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Department
Psychology
Course
PSY100H1
Professor
Ashley Waggoner Denton
Semester
Fall

Description
PSY100 Readings Week 2 The scientific method reflects a dynamic interaction among three essential elements: theories, hypotheses, and research. A theory is an explanation or a model of how something in the world works.  Create a theory  Theory generates a hypothesis, which is a prediction or outcome.  Hypothesis should be supported by research and data. Hypothesis needs to be testable  Then you need to figure out if this can be supported or discarded.  Then inquire further Good research needs to be tested again and again. REPLCATION. What Is Scientific Inquiry? (sum up) To explain behaviour, scientists must use objective, systematic procedures to measure it. The four goals of psychological science are to describe (what), predict (when), control (what causes), and explain (why) behaviour and mental activity. The empirical process is based on the use of theories to generate hypotheses that can be tested by collecting objective data through research. Theories in turn must be adjusted and refined as new findings confirm or disconfirm the hypotheses. Good theories will generate several testable hypotheses. Unexpected findings can suggest new theories. All main three types of designs descriptive, correlational and experimental require variables. Variable is anything that can be measure and they can vary. Operational definitions identify and quantify which variables can be measured. Descriptive: also called observational studies involve observation and collecting behavior.  Naturalistic observations: the observer makes no change and just observes.  Participant observations: The researcher is involved. Longitudinal studies can take a long period of time of study. Cross sectional studies involve studying both groups with each other and learning about both. Experiment expectancy effect can change the observers’ bias in the experiment. Correlational: examines how variables are connected in real life. Rely on naturally occurring relationships.  Directionality problem is when the cause and effects of variables between each other are confusing.  Another problem is the third variable problem. Confound can affect the depending variable and alter the results. A sample is the subset of a population. Meta-analysis is an analysis of multiple analyses. Large samples are MORE accurate than small samples. (sum up) What Are the Types of Studies in Psychological Research?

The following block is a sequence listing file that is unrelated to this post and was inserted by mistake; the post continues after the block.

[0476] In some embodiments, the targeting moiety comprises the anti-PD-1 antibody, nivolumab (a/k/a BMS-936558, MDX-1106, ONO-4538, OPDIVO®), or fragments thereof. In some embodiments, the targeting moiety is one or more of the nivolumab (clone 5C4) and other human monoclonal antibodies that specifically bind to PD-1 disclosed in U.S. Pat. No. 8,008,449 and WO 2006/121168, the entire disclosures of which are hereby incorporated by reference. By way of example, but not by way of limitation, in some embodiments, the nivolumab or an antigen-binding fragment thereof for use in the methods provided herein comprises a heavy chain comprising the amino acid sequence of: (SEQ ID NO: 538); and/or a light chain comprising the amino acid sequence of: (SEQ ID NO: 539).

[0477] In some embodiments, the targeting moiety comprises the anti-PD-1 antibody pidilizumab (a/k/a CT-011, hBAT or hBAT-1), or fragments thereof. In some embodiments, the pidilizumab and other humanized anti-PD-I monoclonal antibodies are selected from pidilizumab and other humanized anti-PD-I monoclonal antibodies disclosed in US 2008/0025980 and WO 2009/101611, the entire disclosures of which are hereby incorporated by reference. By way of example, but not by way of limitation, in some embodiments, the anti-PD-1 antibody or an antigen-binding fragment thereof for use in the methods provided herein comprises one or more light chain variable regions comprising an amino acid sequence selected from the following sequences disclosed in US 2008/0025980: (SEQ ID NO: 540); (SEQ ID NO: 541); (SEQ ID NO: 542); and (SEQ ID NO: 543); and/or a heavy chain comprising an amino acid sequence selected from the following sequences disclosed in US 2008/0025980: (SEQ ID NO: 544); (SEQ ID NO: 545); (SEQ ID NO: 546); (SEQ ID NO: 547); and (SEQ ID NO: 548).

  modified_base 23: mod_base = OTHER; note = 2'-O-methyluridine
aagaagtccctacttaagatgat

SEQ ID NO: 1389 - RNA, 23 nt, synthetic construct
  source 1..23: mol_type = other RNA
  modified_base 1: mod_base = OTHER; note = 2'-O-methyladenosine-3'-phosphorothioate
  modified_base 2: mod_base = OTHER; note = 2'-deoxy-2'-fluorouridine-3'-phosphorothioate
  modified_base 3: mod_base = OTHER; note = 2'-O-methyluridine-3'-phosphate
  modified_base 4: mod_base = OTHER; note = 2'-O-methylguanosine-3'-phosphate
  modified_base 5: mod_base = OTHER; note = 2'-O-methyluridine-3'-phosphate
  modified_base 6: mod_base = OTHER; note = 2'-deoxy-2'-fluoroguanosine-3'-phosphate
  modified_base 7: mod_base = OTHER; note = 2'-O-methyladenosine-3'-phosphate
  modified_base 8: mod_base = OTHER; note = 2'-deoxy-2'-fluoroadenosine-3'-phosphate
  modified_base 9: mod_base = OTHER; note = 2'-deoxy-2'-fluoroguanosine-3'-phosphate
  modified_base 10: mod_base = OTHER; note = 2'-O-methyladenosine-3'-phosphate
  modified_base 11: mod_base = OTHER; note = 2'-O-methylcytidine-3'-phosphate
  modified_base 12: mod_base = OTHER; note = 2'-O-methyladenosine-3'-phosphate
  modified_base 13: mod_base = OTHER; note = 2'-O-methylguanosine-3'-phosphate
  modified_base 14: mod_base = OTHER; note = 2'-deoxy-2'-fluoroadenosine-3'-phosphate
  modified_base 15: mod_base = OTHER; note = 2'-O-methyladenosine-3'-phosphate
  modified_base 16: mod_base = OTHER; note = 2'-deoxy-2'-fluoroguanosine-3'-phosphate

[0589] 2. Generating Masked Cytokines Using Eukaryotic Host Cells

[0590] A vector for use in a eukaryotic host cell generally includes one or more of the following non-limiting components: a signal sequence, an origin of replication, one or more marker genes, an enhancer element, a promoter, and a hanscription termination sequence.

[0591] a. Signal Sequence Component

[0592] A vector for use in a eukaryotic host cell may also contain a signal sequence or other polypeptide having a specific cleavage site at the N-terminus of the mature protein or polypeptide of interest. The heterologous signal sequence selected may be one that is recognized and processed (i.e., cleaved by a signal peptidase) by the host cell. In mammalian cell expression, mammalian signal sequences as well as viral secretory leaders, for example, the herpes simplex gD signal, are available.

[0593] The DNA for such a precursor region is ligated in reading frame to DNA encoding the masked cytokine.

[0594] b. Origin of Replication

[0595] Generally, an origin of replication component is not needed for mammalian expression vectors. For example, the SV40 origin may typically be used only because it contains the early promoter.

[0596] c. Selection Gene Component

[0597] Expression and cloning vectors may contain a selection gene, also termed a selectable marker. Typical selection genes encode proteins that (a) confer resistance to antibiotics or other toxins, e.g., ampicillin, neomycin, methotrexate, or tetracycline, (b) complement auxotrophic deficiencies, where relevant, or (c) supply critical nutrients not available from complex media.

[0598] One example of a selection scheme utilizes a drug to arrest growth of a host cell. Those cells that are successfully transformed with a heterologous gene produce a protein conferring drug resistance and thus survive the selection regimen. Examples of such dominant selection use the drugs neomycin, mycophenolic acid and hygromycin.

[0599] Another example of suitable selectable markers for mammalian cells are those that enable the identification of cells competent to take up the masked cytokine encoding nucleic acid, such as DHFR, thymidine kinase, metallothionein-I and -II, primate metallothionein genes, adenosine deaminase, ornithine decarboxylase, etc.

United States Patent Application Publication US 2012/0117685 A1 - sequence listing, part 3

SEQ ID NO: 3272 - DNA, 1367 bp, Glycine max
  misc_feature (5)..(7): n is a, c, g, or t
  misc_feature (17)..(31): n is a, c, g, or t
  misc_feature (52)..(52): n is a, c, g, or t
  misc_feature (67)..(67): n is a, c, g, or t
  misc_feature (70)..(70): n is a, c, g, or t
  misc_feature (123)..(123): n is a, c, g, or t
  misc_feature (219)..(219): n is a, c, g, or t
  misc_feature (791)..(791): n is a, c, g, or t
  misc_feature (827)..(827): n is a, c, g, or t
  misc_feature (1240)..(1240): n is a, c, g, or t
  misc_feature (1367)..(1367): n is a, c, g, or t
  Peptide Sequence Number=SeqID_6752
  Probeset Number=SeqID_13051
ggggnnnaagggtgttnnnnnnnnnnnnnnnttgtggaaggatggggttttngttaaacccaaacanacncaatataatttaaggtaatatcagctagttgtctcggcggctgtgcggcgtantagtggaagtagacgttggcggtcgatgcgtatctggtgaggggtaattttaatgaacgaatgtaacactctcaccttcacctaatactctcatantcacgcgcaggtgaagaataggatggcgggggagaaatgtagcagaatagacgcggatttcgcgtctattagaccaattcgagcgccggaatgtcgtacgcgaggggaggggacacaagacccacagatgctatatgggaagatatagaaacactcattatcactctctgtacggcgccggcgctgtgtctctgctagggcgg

There are three main types of studies in psychological research: descriptive, corre- lational, and experimental. In descriptive and correlational designs, researchers exam- ine behaviour as it naturally occurs. These types of studies are useful for describing and predicting behaviour, but they do not allow researchers to assess causality. In an experiment, a researcher manipulates the independent variable to study how it affects the dependent variable. An experiment allows a researcher to establish a causal relationship between the independent and dependent variables and to avoid the direc- tionality problem when trying to understand how one variable might affect another. the goal is to conclude that changes in one variable caused changes in another variable. Culturally sensitive research takes into account how culture plays a role. Observational techniques are unobtrusive. Reactivity is when people react when they are being watched. This creates the Hawthorne effect. Case Study involves the examination of one person or groups that are unusual. It can be very subjective and biased but also very helpful. Interactive method involves actually interacting with the subjects like asking question. Can also be biased. Self reported method is where people provide info about themselves. Bias also in this. Response performance methods measure information processing while psychological tasks are being performed. Researchers measure reaction time, measure response accuracy, and ask participants to make stimulus judgments. Brain activity can be directly measured. Electrophysiology is a data collection method that measures the electrical activity in brain. Done by EEG. Only shows some parts. Validity refers to the data you collect if it addresses your question. Reliability refers to the stability. Accuracy refers to how much it is error free. Two types of error, random and systematic. Descriptive statistics can also be used to summarize how two variables relate to each other. In analyzing the relationship, a correlation coefficient can be provided. While researchers use descriptive statistics to summarize data sets, they use inferential statistics to determine whether differences actually exist in the populations from which samples were drawn. Week 3 Genome is the master blueprint that provides how everything works in our body. It gives the options. Chromosomes are made of genes. There are 23 of them in us. Genes are components of DNA, which have two intertwined strands of molecules. Genes are used to produce a protein, which does a specific task. The environment determines which proteins are produced and when during its development. Gene expression determines the body’s basic functions and its psychological activity.  Genotype is the genetic constitution.  Phenotypes are the physical traits.  Polygenic means that the characteristic is varied.  Mutations produce an advantage or disadvantage in terms of survivability.  Recessive genes are not lethal usually. Behavioral genetics: genes affect behavior. Used two methods-> Twin studies and Adoption studies. Twin studies uses monozygotic twins and Dizygotic twins. Adoption studies compare between biological siblings and adoptive siblings. Genetic influences are stronger than environmental influences in siblings. Heredity: transmission of characteristics by parents to children by genes. Heritability: statistical estimation of variation, caused by differences in heredity, in a trait within a POPULATION. For children, both the genes and environment INTERACT and will shape the personality. Summary: People inherit both physical characteristics and personality traits from their parents. Only recently have scien- tists developed the tools to measure genetic processes and the roles that various genes play in psychological activity. Researchers increasingly are studying how and when genes are expressed, in addi- tion to particular traits’ heritability. Among the genetic research tools are methods that enhance or interrupt gene expression by selectively knocking out specific genes to reveal which behaviours are affected. Nervous System: Neurons are cells that communicate in the brain.  Sensory neurons (afferent) detect info from physical world and send it to brain via spinal cord.  Motor neurons (efferent) control muscle movement.  Interneurons communicate within local and shorter circuits in a single area. Made of:  Dendrites are short branches that detect chemical signals from neighbors.  Cell Body collects info that has been received.  Electrical impulses are transmitted along the axon. o Terminal buttons, small nodules at the axons’ ends, receive the electrical impulses and release chemical signals from the neuron to an area called the synapse, or synaptic cleft, the site for chemical communication between neurons.  Membrane is the boundary. Polarization causes the ions around the neuron to pass through the ion channels, which creates the energy to fire the neutron. An action potential is the electrical signal that passes along the axon and causes the release of chemicals that transmit signals to other neutrons.  The change from negative charge to positive inside the neuron creates action potential.  Action Potential The electrical charge inside the neuron starts out slightly negative (resting membrane potential). As the neuron fires, it allows more positive ions inside the cell (depolarization). Through natural restoration (repolarization), it then returns to its slightly negative resting state.  Travel across synapse and are received by dendrites.  Neurons do not touch each other. They communicate by sending Neurotransmitters, which are chemicals that carry signals across the cleft. o All neurotransmitters trigger or inhibit action potentials. o There are many types with different functions.  Epinephrine gives a rush to the brain.  Serotonin is for emotional states.  Dopamine is for motivation and motor  Endorphin is for pain reduction and reward. Brain structures and Functions: Central Nervous System (CNS): Spinal cord and brain. (Exterior) Peripheral Nervous system (PNS): all other nervous cells. (Interior) The PSN transmits info to the CNS, which organizes the info and sends it to PNS. The spinal cord controls each reflex. It sends signals to the brain. Two tissue types:  Grey matter is made of neuron cell bodies  White matter is axons and fatty sheaths. Brain stem controls the most basic survival functions. The Cerebellum: Extremely important to motor function and balance. It is large. The Forebrain: above the cerebellum and forebrain, it is split into left and right hemisphere. The most noticeable part is the central cortex. The hippocampus is involved with storage of memories. Can get bigger. The amygdala associates words with emotions. \ The cerebral cortex is the outer layer of the cerebral hemispheres For all thoughts, perceptions, and consciousness. PERSONALITY.  Occipital lobes are for vision  Parietal lobes are for touch. Right and left and reversed.  The temporal lobes are for hearing, recognition.  The frontal lobs are for planning and movement. Contains the large prefrontal lobe. Interaction between CNS and PNS is the endocrine system. Central control is done by hypothalamus. PSN has two parts:  Somatic nervous system transmits signals to CNS. The CNS sends signals through the somatic system to control movement.  Autonomic nervous system (ANDS) regulates body’s internal environment. The sympathetic division prepares the body for any actions. Like sexual arousal. The parasympathetic division returns to resting state. The endocrine and nervous system work together. For EX, nervous system receives info about threats and the endocrine prepares to deal with it. The main difference between two is that the endocrine system uses hormones, whereas the nervous system uses electrochemical signals. Hormones act quickly and are released by endocrine glands. The brain interprets external and internal stimuli, then sends signals to the endocrine system, which responds by initiating various effects on the body and on behaviour. Neural activation causes the hypothalamus to secrete aparticular releasing factor.The releasing factor causes the pituitary to release a hor- mone specific to that factor, and the hormone then travels through the blood- stream to endocrine sites throughout the body. Once the hormone reaches the target sites, it touches off the release of other hormones, which subsequently affect bodily reactions or behaviour.The pituitary is often referred to as the “mas- ter gland” of the body: By releasing hormones into the bloodstream, it controls all other glands and governs major processes such as development, ovulation, and lactation. Week 4 Health Psychology: integrates study on health and psychology. Well Being: The positive state of life. Both physically and mentally. Healthy lifestyle can promote good health. Health psychology combines theories and research of health studies and psychology. Biopsychosocial model: Integrates factors of biological, behavioral, and social conditions. Research into this can prevent disease by making people have better lives. These 3 factors act in a loop. Behaviour factors can cause deaths, like car accidents. Placebo effect: Treatment by fake methods which will cure the person by making them believe that it is real. It can decrease anxiety. It connects your thoughts to your body. BIOPSYSOC: The belief that a medication will work (psycho- logical) affects the body in ways similar to those of medications, or treatments, with known biological effects (biological). These effects occur within a context that determines when, if, and how much the body will respond to the placebo (social). Stress is a pattern of behavioral and physiological responses to events are too much. Eustress: stress from pos event Distress: stress from neg event. A stressor is an environmental event/stimulus that threatens an organism by seeming overwhelming. Major life stressors are for big events. More change->stress Daily hassles are for smaller things. They add up stress. It elicits a coping response, which causes organism to void the stimulus. A stressor activates a hypothalamic pituitary adrenal axis (HPA). The hypothalamus sends chemicals to pituitary, which sends hormones in bloodstream. Flight or fight response is an organisms preparation to deal with danger. Calculates energy. Tend and befriend response is when woman or men form social alliances to protect offspring. General Adaption Syndrome is a pattern of responses to stress: Alarm: emergency reaction for body to flee or fight. Immune system kicks in. Resistance: defense sustains for longer. Exhaustion: the organs and immune systems start to fail. Over long term, stress hormones can cause problem. Type A behaviour are more likely to get heart attacks than Type B. Being angry and stressed out takes a toll on your heart. Allostatic load theory of illness in which the body is unable to return to normal stress levels when they are always stressed. Coping: Primary appraisals to decide whether something is stressful Secondary appraisals to evaluate response behaviors. Types: Emotion focused coping is to deal with emotional pain with alcohol etc. Problem focused coping is to deal with it using steps and alternatives. Week 5 Three factors: is it different from norm? Maladaptive? And distress? A disorder must interfere with person’s life. Etiology: factors contributing to development. Diagnosis: . Classified with multiaxial system. There are 5 axis in DSM IV. Assessment is the examination of mental state. First goal is diagnosis. Assessment  Diagnosis  Treatment  more assessment. Psychopathology is psychological testing. Evidence based assessment is a clinical assessment. Causes: The diathesis stress model proposes that a disorder may develop when an underlying vulnerability is coupled with an event. It could be biological or environment, although single reasons may is never sufficient.  Bio Factors: Problems during fetus could affect central nervous system. Neural dysfunction Genetics.  Psychological Factors: thoughts and emotions are shaped by environment and can have influence. o Family system model: relationship between person and family. o Sociocultural model: relationship between individual and culture. Can be biased against another class.  Cognitive-behaviour model: abnormal behaviour is learned. Thoughts give rise to maladaptive emotions and behaviors.  Sex differences: internalizing disorders(neg emotions like fear) are more for woman. Externalizing disorders(drugs, anti-social, misconduct) are for men.  Culture and mental: disorders show culture specific symptoms Anxiety disorder: when it is excessive and chronic.  Phobia disorder: fear of specific things.  Generalized anxiety disorder: always anxious for even little things.  Panic Disorder: attacks that come out of nowhere cued by internal stimuli.  OCD: frequent intrusive thought and compulsive actions. Can be part of conditioning. Abnormal thalamus. The prefrontal becomes overactive to compensate to try to reduce anxiety. Components of Anxiety Disorder: Cognitive factors: perceive neutral situations as threats. Exaggerate. Situational factors: get anxious because others are anxious. Biological factors: inhibited children will have more activation of amygdala (fear). Mood Disorder: extreme emotions.  Depressive disorders: negative moods or lack of interest in pleasure. Can change body.  Dysthymia: milder form.  Bipolar: fluctuating disorders and periods of mania (strange activity). Components of mood disorder: Biological: Can be genetical. Damage to left prefontal cortex. Depressed people sleep a lot. Situational: Loss of someone close. Increased stress. Cognitive: people think badly of themselves or exaggerate events. Learned helplessness model: people feeling lack of control of events happening. Schizophrenia: split between thought and emotion. Psychotic disorder. Alterations between thoughts, consciousness. Impaired functioning. Positive symptoms are excess  Delusions and hallucinations.  Loosening of association and Disorganized behaviour. Negative are deficits in learning.  Slow, monotone, withdrawn, emotionless. Related to genetics. Abnormal brain development. Large ventricles, small brain tissue. Problems with neurotransmitters. Starts young, and gets serious when older. Personality Disorder: (not clinical) people interacting with the world maladaptive and inflexible ways. Might be indecisive, self-absorbed, or emotionally unstable. Axis 2.  Odd or eccentric  Dramatic, emotional, erratic.  Anxious or fear. Borderline personality disorder, characterized by disturbances in identity, in affect, and in impulse control. Lack of self and not independent. Impulsivity. Causes: genetics, low serotonin, not being taken care of when young. Anti-social personality disorder (ADH): superficially charming, insecure, shameless. Do not think about consequences. Psychopaths are extreme cases. Causes: reduced psychophysiological(punishment, arousal) response. Abnormal amygdala and frontal lobe functioning. Genetics and environment also. Childhood Disorders: Autism: problems with social, communications and interests. They are unaware of others. They develop odd speech patterns. Focus on inconsequential details. Asperger’s is milder high functioning. Primarily biological disorder: genetics, brain dysfunction, overgrowth, and undergrowth. Lack of oxytocin Attention Deficit hyperactivity disorders (ADHD): restless, inattentive, and impulsive. Rules need to be repeated. Can extend to adult life and cause social problems. Frontal-lobe damage. Week 7 Two distinct phases: Sensation and Perception.  Sensory coding: sensory organ’s translation of stimuli’s physical properties into neural impulses (chem and electric signals). Starts with o Transduction  Brain needs qualitative and quantitative information. Response systems:  Sensory thresholds: how much energy is needed for organs to detect info. o Absolute: min intensity of stimulation before experience of sensation. o Difference: difference between two stimuli, the minimum amount of change required for a person to detect a difference.  Signal detection theory: detecting stimulus requires making a judgment if it there based ambiguous info. o Response bias refers to a participant’s tendency to report detecting the signal in an ambiguous trial. They may make false assumptions. Taste: 5 taste qualities. Gustation: sense of taste. Keeps poisons out. Smell: bypasses the thalamus! Not very accurate in detection. Olfaction: sense of smell. Occurs when receptors in nose respond to chemicals. Olfactory epitheliumOlfactory bulb Pre-frontal cortex processes basic info. Amygdala processes the intensity Touch: trigeminal nerve for above neck. Spinal nerve for below. Haptic sense: sense of touch. Temperature, Pressure: receptors are found in outer layer. Long axons. Pain: thin nerve fibers receptors all throughout body. Warning system. Myelinated axons: For temp and pressure. Non-Myelinated axons: For damage. Helps recuperate. Gate control theory: Close gate will reduce pain. Ex. Soldiers, athletes. Open gate will increase. Ex. Worrying about painful stimulus. Pain is divided into 2 parts of brain: one for sensory input and the other for emotion aspect. PAIN can be reduced if we think differently about it, state of mind and body. Hearing: Audition: sense of sound Eardrum: thin membrane in the middle of ear, which creates sound vibrations. Outer eareardrum(vibrations go to) ossiclesoval windowbrain Oval window: a membrane of the cochlea, or inner ear, a fluid-filled tube that curls into a snail-like shape. Through center of the cochlea is the thin basilar membrane. Inside the COCHLEA hair cells which are the primary auditory receptors. Vision: very important Cornea, Retina, Iris. Pupil: small opening in the eye. Lets in light waves. 2 types of receptors: Rods and cones Fovea: Centre of retina where cones are densely packed. Rods are in the edges. Transmission to brain: ganglion cells generate action potentials. Receptive field The region of visual space to which neurons in the primary visual cortex are sensitive. Responds best to some stimuli. Lateral inhibition: adjacent photoreceptors tend to inhibit one another. Helps accentuate areas of changing stimulation, which correspond to the edges of objects. Color: determined by wavelength. Additive and subtractive mixing. Subtractive colour mixing: mixes to black. Physical process. Simultaneous contrast: identical stimuli look different when against different backgrounds Other senses: (internal) Kinesthetic sense: sensations from receptors in muscles, joints. MOVEMENT. Vestibular sense: date from receptors from liquid in inter ear. BALANCE Basic perceptual processes: What you perceive is different form what information your senses pick up. Simple cells: respond more to lines of particular orientations. Object Perception needs construction: Illusions can help our visual system determine sizes and distances of objects. Shows how we form accurate representations of 3D world. Gestalt principles: our brains organize sensory information. Patterning is hierarchical. Depth perception: Binocular depth cues: perception from 2 slightly different views from eyes. Binocular disparity Monocular depth cues: perception of each eye alone. Motion cues: motion parallax: movement of objects are various distances from observer. Motion perception: internal and external cues. Neurons for detecting motion. Motion after-effects occur when you gaze at a moving image for a prolonged period and then look at a stationary scene. Based on sensory adaption. Stroboscopic movement: a perceptual illusion that occurs when two or more slightly different images are presented in rapid succession. Perceptual constancy: the brain correctly perceives objects as constant despite changes. MEMORY : acquire and retain usable skills and knowledge by nervous system. Attention is limited, and when it is divided among too many tasks or the tasks are difficult, performance suffers. It is important to function in life. Visual Attention allows selective and serial: Parallel processing: select one feature and block out rest. Auditory attention allows selective: Hard to listen to 2 conversations at same time. Selective attention can operate at multiple levels of processing. Attention is adaptive and makes people focus on important objects in environment. We still process some info that we may not attend to. Change blindness: we are often “blind” to large changes in our environments because we cannot attend to everything in the vast array of visual information available. Stages of Memory: Information processing model: Encodingstorageretrieval. Modal Memory Model: sensory memoryshort termlong term. 1. Sensory: Occurs when a sense leaves a vanishing trace on the nervous system for a fraction of a second. Connects one image to next. 2. Short-term: holds information in awareness for a brief period. Working: keeps different types of info for use. Fleeting thoughts, feelings. 4 components: Central executive, the phonological loop, the visuospatial sketchpad, and the episodic buffer. The central executive presides over the other 3. It is control system. 3. Long term: Long duration and capacity. Information that helps us adapt to our environment is typically transformed into a long-term memory. For survival. Serial position effect: Better recall of early and late items in a list relative to items in the middle of the list. Primacy is for middle and recency is late. Long-term memory systems: Explicit Memory: declarative, episodic and semantic. People are aware of it. Declarative memory: being able to say what you remember. Implicit Memory. Involved with repetition priming. Procedural memory: motor memory. Prospective memory: remembering to do something in the future. Cues. Organization of Long-term memory: Long-Term Storage Is Based on Meaning. Our perceptual experiences are transformed into codes, which are then stored. Can have mental representations for complex and abstract ideas, and for objects. Levels of processing model, the more deeply an item is encoded, the more meaning it has and the better it is remembered. Maintenance rehearsal is simply repeating the item. Elaborative rehearsal encodes info in meaningful ways. Schemas: structures in long-term memory that help us perceive, organize, process, and use info. We can fill in holes, interpret meaning. They sort and guide info. Can lead to biased encoding. Retrieval cue: helps a person recall info from vast data in long-term memory to access right information. Ex. Posted notes, Ads. Encoding specificity principle: a stimulus from past experience can trigger memory from than experience. Brain Processes: memory is stored in the brain and linked by memory circuits. Different parts of brain with different types of memory. The middle (medial) section of temporal lobes is important for declarative memory.  includes amygdala, hippo. Forms links between diff